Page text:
Any production staged at the stunning Theatre Royal Brighton sets itself up to high expectations and David Hare’s The Judas Kiss does not disappoint.
Despite the promising warning signs of smoking and full frontal nudity, as I settled in amongst the elderly afternoon audience I was completely not unexpecting such an entertaining, discerning and intimately captivating performance.
Set in 1895, The Judas Kiss follows the controversy of Victorian poet, novelist and playwright Oscar Wilde. Forced to choose between love or freedom, the scandal of Wilde’s homosexuality is explored in upfront honesty; the result both humorous and touchingly poignant.
A superb Rupert Everett delivers Wilde’s sophisticated lines with such ease that it is in fact difficult not to believe he is the man himself. However, whilst it would have been perhaps easier for Hare to layer the script in Wilde’s cliched aphorisms, in moving beyond what we know of the author he professes himself “just a character in a narrative with no control as to how the story will end”.
Following Wilde’s imprisonment and downfall the setting shifts in startling contrast from lavish hotel bedroom to desitution in Naples. Removed from beauty and his higher ideals Wilde remains truthful to his beliefs and stands by his young lover Bosie (Lord Alfred Douglas) with a frustrating loyalty.
Bosie’s betrayal is consequently heartwrenching and reveals in moving depth Wilde’s vulnerabilty: the man behind the celebrity.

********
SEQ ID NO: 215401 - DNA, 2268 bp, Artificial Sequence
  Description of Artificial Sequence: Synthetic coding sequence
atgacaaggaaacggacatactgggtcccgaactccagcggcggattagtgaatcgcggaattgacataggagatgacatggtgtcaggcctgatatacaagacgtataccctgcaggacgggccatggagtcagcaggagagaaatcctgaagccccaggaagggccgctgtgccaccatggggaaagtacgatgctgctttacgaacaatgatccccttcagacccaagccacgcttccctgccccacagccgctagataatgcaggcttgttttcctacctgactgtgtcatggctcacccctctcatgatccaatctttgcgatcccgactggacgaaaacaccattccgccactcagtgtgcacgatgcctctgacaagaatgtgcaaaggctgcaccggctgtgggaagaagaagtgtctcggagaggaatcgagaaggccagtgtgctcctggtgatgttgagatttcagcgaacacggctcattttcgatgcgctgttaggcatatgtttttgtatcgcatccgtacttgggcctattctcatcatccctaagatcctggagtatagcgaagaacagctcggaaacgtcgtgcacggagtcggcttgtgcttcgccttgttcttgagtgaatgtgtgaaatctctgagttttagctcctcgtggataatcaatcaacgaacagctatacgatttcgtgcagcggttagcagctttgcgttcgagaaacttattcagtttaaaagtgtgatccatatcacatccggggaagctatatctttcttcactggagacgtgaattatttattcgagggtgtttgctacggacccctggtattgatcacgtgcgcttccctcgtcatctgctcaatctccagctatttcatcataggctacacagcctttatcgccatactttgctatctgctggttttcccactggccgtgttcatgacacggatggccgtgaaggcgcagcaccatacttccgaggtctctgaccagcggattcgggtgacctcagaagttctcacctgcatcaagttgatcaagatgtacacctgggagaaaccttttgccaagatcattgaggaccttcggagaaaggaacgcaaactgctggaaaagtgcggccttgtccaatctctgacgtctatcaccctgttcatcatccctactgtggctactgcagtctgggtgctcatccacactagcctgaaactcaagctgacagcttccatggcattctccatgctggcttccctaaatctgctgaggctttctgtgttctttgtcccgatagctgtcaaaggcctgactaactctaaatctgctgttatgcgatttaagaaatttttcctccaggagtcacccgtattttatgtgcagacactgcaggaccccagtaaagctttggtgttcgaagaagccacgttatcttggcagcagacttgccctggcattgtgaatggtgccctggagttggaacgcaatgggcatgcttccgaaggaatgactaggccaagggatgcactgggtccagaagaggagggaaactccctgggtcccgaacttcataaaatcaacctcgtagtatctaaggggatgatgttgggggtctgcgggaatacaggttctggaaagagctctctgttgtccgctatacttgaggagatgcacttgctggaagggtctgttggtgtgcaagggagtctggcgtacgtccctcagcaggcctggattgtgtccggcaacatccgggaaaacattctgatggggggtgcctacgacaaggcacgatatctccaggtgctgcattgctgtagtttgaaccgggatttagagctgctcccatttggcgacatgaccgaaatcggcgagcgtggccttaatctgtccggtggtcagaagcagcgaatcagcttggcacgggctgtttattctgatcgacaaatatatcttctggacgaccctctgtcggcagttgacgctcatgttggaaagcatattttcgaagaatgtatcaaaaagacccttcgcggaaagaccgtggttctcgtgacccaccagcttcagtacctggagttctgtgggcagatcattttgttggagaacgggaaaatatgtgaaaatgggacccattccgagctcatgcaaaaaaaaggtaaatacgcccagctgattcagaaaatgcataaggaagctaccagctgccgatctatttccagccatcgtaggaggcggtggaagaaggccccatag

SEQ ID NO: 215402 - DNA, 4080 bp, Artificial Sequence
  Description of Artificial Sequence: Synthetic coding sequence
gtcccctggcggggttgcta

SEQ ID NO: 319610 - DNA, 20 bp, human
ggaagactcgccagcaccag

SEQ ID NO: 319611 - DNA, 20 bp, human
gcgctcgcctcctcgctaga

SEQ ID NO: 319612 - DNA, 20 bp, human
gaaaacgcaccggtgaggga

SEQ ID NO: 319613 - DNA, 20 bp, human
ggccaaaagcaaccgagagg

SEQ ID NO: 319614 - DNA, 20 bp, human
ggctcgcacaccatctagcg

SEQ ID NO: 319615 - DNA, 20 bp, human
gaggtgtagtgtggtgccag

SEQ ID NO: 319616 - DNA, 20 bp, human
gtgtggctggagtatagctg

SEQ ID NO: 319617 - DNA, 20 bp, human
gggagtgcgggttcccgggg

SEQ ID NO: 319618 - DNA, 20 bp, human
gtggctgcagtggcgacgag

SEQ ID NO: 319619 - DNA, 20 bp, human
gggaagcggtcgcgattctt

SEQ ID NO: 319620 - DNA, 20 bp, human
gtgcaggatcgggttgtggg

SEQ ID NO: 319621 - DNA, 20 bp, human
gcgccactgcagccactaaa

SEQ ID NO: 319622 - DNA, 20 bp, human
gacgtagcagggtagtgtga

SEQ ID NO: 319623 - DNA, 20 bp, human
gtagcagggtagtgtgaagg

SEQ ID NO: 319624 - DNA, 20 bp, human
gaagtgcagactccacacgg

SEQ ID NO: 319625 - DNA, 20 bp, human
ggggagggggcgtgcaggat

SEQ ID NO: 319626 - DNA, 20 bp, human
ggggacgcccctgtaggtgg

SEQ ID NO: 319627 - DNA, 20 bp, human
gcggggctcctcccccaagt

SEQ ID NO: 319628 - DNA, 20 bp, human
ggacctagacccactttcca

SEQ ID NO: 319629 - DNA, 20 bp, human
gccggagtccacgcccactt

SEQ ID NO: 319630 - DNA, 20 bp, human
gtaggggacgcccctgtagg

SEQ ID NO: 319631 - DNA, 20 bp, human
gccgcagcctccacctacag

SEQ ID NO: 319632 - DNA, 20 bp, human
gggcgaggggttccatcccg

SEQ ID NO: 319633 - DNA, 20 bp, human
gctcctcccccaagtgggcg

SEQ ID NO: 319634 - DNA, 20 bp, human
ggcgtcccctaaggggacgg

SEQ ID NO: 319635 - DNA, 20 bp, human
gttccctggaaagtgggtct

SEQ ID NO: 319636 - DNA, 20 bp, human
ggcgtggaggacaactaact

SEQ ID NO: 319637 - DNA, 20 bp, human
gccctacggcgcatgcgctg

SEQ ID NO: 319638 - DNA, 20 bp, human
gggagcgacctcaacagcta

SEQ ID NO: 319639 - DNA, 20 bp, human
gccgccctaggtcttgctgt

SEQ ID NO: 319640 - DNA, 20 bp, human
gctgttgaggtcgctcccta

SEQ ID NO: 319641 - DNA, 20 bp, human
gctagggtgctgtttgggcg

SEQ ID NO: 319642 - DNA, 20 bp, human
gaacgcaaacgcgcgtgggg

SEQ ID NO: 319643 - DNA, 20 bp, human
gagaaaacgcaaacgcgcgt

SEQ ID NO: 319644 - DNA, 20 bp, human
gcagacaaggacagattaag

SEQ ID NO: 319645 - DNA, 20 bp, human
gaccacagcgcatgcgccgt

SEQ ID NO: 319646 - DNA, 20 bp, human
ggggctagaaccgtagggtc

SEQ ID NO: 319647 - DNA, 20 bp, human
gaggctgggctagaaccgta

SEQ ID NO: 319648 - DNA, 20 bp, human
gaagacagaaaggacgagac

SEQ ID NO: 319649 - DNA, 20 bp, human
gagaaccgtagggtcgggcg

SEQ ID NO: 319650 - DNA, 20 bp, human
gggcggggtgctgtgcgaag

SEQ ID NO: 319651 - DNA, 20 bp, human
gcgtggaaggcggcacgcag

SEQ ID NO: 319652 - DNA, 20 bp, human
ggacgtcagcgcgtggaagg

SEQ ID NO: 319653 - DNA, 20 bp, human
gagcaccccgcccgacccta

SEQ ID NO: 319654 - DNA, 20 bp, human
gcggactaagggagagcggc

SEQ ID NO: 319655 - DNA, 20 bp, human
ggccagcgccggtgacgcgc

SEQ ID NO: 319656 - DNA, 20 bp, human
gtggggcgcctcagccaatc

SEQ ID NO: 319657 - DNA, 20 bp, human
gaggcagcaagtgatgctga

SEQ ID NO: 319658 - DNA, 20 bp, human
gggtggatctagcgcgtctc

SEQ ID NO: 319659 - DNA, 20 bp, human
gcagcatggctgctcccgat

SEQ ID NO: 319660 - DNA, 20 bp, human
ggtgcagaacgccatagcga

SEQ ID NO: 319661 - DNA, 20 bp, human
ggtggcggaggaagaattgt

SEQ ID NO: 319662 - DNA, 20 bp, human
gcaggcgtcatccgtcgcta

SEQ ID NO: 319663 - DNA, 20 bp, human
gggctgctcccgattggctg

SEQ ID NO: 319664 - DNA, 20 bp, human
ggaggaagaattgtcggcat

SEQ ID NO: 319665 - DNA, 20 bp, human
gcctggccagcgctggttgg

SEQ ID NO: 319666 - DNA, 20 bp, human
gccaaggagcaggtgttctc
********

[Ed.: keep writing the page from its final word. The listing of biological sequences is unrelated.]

As is to be expected from a play centred upon this ambassador for Aestheticism, director Neil Armfield’s attention to detail is impressive. Every flamboyant costume, prop, scene and sentence has been crafted authentic and exact. Yet for a script so rich it is subtle in its intelligent balance of wit and turmoil. Laugh-out-loud humour taunts cruelly at Wilde’s betrayal, the closing image of Everett’s resigned chuckle hauntingly unforgettable.
Along with Freddie Fox (Edwin Drood in the BBC’s adaptation of The Mystery of Edwin Drood), Cal Macaninch (Andrew Lang in Downton Abbey), Alister Cameron, Tom Colley, Ben Hardy and Kirsty Oswald, this small but highly accomplished cast are compelling and, whilst Everett undoubtedly steals the show, it is in the characters gripping relationships that the play finds its power.
Overall, whether it be the superb cast, stunning production or riveting script (or simply the rare opportunity for some passive smoking and mild voyeurism all in the name of theatre) as the curtain closed I rose to an audience unanimously applauding it “the best thing ever seen”.